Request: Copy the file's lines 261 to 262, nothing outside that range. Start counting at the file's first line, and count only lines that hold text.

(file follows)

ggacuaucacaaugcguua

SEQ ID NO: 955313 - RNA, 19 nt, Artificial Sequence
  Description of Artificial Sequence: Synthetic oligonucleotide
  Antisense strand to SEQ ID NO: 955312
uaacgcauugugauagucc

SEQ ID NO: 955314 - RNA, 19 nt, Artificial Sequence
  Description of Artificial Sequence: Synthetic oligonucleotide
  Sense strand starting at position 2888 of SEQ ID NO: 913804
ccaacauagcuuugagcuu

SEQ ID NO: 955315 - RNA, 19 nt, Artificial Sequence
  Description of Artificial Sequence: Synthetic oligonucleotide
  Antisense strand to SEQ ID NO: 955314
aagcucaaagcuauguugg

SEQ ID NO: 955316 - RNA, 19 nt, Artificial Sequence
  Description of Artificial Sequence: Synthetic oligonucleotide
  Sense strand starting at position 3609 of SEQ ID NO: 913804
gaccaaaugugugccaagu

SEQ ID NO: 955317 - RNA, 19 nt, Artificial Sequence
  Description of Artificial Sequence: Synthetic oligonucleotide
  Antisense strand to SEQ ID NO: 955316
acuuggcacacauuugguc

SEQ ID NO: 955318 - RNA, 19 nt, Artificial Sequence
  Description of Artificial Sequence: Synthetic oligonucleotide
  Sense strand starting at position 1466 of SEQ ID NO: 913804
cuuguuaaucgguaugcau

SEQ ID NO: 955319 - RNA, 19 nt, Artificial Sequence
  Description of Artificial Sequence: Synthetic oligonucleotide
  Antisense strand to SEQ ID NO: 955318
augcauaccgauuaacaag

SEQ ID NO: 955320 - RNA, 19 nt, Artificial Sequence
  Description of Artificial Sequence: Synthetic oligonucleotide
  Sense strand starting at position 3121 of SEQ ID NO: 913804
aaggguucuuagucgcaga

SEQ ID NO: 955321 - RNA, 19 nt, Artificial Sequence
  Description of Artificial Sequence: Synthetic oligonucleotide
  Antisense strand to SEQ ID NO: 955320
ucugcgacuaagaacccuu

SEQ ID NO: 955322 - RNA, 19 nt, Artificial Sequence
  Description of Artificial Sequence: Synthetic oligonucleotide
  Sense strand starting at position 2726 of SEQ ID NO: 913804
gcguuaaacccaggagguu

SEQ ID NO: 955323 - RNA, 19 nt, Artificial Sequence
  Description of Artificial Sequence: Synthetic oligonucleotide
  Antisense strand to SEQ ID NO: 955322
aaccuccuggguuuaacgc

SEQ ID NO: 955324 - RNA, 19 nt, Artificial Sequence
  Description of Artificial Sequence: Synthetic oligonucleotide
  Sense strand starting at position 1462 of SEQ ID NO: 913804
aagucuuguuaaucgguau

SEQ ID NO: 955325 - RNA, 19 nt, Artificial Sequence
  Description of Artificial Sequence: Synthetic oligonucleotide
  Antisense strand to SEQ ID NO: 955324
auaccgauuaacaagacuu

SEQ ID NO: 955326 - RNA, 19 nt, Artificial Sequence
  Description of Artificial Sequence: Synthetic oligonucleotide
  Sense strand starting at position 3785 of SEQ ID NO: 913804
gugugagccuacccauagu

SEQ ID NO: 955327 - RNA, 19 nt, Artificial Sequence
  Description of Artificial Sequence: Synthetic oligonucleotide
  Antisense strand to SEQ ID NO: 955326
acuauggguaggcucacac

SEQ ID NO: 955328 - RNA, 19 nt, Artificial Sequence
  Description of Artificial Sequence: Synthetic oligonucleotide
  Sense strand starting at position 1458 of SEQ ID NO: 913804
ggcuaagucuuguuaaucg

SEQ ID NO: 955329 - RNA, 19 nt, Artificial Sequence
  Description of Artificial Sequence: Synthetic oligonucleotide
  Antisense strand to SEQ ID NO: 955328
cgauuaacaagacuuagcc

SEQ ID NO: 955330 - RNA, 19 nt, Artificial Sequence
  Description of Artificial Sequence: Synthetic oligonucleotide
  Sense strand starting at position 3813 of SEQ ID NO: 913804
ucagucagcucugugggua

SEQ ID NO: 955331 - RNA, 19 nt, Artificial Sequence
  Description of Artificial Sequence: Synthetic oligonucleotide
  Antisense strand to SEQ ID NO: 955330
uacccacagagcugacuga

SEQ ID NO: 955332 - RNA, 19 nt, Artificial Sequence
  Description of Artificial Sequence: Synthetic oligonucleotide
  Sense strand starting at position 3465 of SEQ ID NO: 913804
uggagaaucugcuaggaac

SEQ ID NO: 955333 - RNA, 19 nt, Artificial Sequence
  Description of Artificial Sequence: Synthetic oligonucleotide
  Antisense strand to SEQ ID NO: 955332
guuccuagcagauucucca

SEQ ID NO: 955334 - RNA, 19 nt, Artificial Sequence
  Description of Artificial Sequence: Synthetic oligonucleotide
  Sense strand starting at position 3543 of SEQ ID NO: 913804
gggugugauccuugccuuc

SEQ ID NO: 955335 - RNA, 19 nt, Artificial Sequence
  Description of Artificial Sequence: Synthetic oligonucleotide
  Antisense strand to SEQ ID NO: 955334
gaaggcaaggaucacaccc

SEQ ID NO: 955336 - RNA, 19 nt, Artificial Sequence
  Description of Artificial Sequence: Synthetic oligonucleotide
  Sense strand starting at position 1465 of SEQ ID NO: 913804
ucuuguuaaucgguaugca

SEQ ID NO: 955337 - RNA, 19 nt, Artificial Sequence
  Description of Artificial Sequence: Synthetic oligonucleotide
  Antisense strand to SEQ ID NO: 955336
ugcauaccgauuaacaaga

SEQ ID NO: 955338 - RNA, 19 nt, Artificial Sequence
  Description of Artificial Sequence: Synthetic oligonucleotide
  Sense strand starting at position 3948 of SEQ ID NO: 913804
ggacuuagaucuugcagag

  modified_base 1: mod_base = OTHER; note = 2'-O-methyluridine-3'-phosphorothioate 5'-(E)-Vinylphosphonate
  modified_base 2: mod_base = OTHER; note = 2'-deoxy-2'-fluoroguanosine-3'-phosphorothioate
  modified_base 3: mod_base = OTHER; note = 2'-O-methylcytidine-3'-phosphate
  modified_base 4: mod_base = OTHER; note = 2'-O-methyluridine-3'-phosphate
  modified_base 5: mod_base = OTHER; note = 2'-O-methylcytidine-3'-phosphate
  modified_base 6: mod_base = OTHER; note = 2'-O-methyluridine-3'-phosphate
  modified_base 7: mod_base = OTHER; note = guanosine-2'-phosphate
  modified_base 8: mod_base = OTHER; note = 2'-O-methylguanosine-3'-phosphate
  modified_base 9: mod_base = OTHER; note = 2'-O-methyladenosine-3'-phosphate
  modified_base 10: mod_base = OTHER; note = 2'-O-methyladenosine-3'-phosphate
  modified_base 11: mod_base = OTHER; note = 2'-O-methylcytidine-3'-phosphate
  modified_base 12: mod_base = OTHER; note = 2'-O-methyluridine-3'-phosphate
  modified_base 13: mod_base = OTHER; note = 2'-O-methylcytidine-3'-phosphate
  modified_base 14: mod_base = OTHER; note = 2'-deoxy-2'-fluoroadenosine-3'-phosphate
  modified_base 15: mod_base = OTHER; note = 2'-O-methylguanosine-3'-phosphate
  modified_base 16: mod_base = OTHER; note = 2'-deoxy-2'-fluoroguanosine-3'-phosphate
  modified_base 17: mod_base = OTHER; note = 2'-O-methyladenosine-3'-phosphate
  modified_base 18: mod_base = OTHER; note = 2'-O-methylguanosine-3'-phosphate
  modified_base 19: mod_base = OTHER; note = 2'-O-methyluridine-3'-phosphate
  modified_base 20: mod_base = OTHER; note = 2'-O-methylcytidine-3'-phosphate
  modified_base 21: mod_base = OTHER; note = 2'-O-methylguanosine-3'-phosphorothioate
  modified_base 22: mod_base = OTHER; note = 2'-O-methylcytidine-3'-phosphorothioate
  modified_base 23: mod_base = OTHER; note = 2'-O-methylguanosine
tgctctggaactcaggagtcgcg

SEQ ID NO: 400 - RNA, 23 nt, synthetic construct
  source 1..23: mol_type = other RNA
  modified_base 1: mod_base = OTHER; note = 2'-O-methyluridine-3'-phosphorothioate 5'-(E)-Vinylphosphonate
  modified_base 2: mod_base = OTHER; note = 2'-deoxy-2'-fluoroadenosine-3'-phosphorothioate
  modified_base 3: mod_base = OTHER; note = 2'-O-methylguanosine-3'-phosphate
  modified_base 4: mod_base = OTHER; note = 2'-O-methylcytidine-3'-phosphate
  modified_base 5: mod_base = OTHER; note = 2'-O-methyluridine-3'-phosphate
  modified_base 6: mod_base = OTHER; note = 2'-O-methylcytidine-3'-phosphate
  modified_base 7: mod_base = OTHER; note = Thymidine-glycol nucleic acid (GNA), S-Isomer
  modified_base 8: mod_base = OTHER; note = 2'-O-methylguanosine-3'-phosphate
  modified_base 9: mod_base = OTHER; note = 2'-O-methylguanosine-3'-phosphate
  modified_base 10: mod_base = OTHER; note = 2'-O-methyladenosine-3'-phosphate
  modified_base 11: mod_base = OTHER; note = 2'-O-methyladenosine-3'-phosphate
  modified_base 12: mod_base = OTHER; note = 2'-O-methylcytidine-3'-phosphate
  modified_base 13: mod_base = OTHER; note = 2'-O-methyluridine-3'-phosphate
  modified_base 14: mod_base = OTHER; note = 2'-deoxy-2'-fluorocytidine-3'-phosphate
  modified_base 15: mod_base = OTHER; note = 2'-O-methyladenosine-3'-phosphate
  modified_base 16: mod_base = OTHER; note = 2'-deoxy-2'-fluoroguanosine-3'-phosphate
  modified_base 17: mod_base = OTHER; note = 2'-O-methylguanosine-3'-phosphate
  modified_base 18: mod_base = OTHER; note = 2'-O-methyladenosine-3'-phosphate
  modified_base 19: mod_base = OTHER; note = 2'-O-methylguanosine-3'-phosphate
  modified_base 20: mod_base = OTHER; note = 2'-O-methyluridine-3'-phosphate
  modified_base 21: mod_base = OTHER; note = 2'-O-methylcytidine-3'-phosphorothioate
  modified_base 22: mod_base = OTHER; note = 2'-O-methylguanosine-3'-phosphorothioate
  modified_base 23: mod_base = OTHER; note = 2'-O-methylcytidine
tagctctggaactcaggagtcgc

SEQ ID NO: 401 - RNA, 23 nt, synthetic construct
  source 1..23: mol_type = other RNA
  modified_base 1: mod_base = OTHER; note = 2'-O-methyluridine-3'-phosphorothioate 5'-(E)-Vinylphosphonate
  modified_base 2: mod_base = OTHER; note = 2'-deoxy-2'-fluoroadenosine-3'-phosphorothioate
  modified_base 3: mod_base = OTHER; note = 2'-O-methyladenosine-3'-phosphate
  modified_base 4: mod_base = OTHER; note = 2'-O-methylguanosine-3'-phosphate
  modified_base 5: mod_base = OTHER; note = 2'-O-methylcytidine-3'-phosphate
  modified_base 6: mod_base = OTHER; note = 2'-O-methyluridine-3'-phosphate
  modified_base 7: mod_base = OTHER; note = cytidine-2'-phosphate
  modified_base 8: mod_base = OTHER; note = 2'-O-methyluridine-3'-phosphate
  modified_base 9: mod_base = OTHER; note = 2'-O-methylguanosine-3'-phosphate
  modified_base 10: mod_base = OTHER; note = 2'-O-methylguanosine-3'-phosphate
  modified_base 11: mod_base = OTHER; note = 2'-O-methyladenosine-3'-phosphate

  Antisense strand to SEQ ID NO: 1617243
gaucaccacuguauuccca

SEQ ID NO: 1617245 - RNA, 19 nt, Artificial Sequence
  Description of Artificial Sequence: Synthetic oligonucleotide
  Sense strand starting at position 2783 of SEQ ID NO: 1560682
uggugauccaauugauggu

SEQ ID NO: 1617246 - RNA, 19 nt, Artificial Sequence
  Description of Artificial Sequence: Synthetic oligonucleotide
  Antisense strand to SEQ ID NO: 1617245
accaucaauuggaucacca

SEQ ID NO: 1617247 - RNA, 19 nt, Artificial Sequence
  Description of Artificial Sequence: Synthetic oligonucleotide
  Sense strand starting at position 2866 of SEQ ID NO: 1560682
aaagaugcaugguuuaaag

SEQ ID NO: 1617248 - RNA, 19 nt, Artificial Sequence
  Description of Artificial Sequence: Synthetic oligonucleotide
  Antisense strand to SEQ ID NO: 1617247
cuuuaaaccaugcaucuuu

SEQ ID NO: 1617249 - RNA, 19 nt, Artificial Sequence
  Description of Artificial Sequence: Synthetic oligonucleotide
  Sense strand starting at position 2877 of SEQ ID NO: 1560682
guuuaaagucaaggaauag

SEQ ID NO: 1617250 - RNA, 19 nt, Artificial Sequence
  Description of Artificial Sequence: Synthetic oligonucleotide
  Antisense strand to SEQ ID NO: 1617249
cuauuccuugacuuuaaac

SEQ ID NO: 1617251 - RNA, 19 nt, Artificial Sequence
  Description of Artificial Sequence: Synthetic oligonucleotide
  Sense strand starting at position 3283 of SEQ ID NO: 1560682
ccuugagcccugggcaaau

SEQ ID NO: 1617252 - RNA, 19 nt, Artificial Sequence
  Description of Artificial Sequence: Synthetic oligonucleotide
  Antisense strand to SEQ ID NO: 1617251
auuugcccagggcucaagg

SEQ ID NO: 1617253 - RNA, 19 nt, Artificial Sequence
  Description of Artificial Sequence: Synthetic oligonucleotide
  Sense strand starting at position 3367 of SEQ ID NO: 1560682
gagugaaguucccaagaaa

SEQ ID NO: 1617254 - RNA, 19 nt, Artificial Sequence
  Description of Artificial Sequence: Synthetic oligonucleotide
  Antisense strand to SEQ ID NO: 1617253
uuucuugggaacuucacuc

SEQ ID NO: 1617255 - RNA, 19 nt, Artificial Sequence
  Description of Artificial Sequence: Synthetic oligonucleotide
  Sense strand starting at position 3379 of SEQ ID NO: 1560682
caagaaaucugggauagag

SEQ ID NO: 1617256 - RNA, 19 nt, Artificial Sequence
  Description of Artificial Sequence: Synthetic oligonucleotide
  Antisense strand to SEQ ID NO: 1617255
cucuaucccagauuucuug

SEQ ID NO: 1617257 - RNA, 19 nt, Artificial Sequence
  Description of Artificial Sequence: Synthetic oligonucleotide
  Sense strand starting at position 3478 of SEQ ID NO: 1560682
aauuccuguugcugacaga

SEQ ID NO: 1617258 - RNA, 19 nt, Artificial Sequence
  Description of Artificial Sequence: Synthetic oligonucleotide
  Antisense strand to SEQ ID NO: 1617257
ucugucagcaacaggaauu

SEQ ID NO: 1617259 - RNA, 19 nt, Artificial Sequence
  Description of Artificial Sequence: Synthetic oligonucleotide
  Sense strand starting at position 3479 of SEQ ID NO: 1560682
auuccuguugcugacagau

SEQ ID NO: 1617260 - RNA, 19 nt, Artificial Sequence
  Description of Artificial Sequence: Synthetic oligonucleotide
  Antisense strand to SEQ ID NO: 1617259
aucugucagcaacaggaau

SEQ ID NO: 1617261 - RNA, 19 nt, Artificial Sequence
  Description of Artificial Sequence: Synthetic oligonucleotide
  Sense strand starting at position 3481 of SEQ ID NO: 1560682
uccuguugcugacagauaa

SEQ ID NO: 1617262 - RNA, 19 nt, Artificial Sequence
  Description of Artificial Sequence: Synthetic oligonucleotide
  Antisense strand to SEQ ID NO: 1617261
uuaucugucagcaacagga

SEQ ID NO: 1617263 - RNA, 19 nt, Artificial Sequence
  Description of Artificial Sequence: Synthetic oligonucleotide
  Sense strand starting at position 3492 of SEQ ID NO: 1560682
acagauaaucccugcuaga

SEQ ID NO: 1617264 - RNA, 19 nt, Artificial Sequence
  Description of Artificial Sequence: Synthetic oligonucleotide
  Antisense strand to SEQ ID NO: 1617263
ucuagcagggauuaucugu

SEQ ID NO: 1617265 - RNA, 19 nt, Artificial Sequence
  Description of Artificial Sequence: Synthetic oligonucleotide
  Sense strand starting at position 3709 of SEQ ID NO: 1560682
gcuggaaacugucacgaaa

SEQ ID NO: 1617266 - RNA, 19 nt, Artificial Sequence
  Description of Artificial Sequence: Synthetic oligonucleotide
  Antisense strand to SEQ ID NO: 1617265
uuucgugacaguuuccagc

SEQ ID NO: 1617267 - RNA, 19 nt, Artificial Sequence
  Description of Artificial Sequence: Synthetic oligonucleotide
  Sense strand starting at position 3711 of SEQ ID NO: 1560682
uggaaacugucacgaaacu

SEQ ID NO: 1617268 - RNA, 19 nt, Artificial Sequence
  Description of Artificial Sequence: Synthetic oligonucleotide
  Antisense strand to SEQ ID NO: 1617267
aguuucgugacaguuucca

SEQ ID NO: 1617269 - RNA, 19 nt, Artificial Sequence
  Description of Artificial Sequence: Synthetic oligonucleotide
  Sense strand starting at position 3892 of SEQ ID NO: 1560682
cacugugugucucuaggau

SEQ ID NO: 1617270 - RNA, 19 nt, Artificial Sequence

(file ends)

  Sense strand starting at position 3711 of SEQ ID NO: 1560682
uggaaacugucacgaaacu